THE DYESSERTATION: 'Orphan Black' explores individuality of clones, rising star Tatiana Maslany

The Daily News

 





 


SUMMARY:
After witnessing the suicide of a woman who looks identical to her, Sarah Manning snatches Beth Childs’ abandoned purse on the platform. Then, Sarah arranges with her foster brother, Felix, to identify the woman as herself in order to fake her death, take all of Beth’s money and escape with Felix and her daughter, Kira. But it isn’t that easy, and Sarah gets sucked into a mystery: Why did the now dead Beth look just like her — in fact, why and how are there multiple women who look like her? 




REVIEW:


While “Orphan Black” is a science-fiction show, it isn’t heavy on the genre but more of a mixture with drama and thriller, with some violence, as the women attempt to figure out how and why they are clones. It showcases the humanity and identity of the clones, the difference between nature and nurture. It also brings to light the morality and ethical issues with human cloning. It’s definitely a show that makes you think.




The topics aren’t even way off in the science-fiction realm, just more advanced in the areas of cloning than we are today. Shortly after the season wrapped up, the Supreme Court ruled that human genes cannot be patented. While the show is based in Toronto, it will be interesting to see if this ruling comes into play for season two.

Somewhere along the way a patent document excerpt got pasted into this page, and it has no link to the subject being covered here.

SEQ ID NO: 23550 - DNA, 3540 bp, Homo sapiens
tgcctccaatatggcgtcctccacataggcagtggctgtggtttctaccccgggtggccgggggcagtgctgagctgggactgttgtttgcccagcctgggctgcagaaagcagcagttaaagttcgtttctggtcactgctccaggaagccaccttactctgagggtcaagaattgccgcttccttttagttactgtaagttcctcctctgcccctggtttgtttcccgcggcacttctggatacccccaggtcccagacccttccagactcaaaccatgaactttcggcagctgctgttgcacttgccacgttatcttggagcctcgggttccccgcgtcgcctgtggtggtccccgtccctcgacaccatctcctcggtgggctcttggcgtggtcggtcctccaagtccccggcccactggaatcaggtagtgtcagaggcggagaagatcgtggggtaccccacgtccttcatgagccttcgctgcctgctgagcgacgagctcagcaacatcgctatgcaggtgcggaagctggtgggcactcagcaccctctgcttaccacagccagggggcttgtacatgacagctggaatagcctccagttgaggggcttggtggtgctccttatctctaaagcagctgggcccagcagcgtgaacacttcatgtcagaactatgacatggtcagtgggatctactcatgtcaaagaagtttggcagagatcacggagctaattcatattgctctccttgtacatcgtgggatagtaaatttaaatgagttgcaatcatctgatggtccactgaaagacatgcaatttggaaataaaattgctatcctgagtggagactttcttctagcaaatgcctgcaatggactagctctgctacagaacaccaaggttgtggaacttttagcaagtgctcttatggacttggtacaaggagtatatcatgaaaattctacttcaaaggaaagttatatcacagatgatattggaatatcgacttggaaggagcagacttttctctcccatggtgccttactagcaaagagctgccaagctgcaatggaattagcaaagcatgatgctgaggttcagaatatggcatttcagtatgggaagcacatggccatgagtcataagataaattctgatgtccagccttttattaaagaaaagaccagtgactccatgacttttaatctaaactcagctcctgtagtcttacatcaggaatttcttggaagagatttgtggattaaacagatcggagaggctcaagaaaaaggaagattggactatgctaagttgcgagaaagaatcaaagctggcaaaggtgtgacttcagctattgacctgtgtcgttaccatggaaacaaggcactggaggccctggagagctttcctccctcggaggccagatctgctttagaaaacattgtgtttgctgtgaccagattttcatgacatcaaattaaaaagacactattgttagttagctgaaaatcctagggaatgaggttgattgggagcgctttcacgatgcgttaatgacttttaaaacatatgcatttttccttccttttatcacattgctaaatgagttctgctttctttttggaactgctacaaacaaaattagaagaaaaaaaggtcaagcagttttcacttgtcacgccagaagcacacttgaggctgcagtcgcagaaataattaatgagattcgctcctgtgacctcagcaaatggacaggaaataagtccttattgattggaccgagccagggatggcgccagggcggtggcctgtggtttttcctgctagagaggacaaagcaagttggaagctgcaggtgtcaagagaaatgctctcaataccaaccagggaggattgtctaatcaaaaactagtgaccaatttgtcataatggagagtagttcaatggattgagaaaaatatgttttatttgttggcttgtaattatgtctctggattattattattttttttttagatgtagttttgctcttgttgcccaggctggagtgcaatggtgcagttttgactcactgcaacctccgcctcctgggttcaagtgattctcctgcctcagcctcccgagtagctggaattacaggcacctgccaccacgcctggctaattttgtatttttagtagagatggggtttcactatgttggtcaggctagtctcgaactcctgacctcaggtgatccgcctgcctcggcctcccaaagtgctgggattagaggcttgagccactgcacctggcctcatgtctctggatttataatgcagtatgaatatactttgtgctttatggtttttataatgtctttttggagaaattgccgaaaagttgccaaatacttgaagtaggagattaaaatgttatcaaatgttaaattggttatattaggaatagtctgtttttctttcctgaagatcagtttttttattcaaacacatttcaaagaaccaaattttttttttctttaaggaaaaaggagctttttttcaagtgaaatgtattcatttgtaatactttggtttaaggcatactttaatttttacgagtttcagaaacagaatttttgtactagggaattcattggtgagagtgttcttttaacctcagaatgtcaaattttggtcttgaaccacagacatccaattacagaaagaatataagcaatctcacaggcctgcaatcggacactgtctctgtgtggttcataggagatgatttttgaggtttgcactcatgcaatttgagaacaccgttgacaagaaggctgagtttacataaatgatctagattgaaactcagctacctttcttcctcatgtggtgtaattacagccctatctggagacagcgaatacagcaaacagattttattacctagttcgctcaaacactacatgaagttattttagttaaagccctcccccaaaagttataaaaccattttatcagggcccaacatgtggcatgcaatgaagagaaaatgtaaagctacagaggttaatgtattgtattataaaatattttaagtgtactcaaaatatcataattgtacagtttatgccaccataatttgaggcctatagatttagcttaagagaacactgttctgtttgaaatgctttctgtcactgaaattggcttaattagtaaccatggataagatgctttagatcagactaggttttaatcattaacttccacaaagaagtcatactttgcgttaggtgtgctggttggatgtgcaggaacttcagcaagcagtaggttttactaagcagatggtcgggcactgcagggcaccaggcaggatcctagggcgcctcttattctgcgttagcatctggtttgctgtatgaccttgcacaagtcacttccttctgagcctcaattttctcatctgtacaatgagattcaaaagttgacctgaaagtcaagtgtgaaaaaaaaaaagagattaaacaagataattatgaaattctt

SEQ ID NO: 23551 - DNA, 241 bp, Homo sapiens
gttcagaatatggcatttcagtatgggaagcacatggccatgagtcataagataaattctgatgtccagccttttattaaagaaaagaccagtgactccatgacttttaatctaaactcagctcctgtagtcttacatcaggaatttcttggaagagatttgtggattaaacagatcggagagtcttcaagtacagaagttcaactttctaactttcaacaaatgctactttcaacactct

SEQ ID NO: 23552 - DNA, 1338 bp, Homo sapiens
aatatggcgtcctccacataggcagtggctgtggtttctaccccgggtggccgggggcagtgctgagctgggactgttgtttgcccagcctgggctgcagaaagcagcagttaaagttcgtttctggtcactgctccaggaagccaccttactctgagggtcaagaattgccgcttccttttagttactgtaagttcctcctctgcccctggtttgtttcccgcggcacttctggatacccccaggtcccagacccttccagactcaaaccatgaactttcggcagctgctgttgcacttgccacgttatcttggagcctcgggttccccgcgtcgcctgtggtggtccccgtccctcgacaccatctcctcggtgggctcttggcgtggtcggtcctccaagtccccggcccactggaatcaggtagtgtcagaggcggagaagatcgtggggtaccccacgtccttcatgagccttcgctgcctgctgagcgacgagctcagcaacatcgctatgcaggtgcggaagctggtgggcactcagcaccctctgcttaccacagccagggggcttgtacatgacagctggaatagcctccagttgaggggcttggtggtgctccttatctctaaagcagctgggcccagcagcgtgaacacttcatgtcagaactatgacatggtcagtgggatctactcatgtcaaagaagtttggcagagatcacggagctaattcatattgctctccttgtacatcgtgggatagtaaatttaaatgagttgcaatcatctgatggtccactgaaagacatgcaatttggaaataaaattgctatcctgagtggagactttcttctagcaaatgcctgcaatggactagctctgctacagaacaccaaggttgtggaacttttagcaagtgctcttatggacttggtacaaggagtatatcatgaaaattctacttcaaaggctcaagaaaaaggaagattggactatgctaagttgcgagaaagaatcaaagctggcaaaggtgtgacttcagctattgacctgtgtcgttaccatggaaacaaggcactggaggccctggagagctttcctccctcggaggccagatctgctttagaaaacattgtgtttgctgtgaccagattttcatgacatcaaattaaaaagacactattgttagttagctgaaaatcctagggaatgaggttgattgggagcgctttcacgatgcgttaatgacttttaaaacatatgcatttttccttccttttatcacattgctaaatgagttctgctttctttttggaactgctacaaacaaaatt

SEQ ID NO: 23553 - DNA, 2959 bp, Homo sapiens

One of the best parts of “Orphan Black” is the acting, specifically that of lead actress Tatiana Maslany. Maslany plays the multiple clones, therefore taking up most of the cast. The special effects and Maslany’s portrayal of each distinct character (including different accents) can lead you to forget they’re all one actress. It almost seems impossible that one person can pull it all off. 




Filming a scene that features more than one clone can take up to 17 hours, complete with body doubles, a tennis ball for direction and a camera that memorizes movements for when Maslany plays each character. Despite the process being so technical, Maslany manages to be creative with her acting.




When Maslany didn’t receive an Emmy nomination, I felt anger toward the Emmys that I have never felt before. Those 10 episodes made Maslany become one of my favorite actresses, and all of her intense work deserved at least a nomination. It takes true talent to make this show work, and Maslany has that.




Jordan Gavaris portrays Felix, Sarah’s foster brother who gets roped into the mystery. The chemistry between Gavaris and Maslany makes for a realistic brother-sister relationship, as well as the unlikely pair of clone Alison, the “soccer mom,” and Felix. 




While his character can at first seem like a flamboyant gay stereotype, the show takes the time to make him multi-dimensional, including clichés. In defense of his character — saying the criticism of the character has mainly been from heterosexuals — Gavaris made an excellent point about treatment of queer characters in media during a Comic Con panel, notably: “There are so many more interesting things to Felix than who he’s sleeping with.”




Multiple celebrities, including Kevin Bacon and Patton Oswalt — who said Maslany is “the best actress alive right now” — have endorsed the brilliance of the show. I hope the building hype will garner more views for the second season and ensure seasons after that.


 

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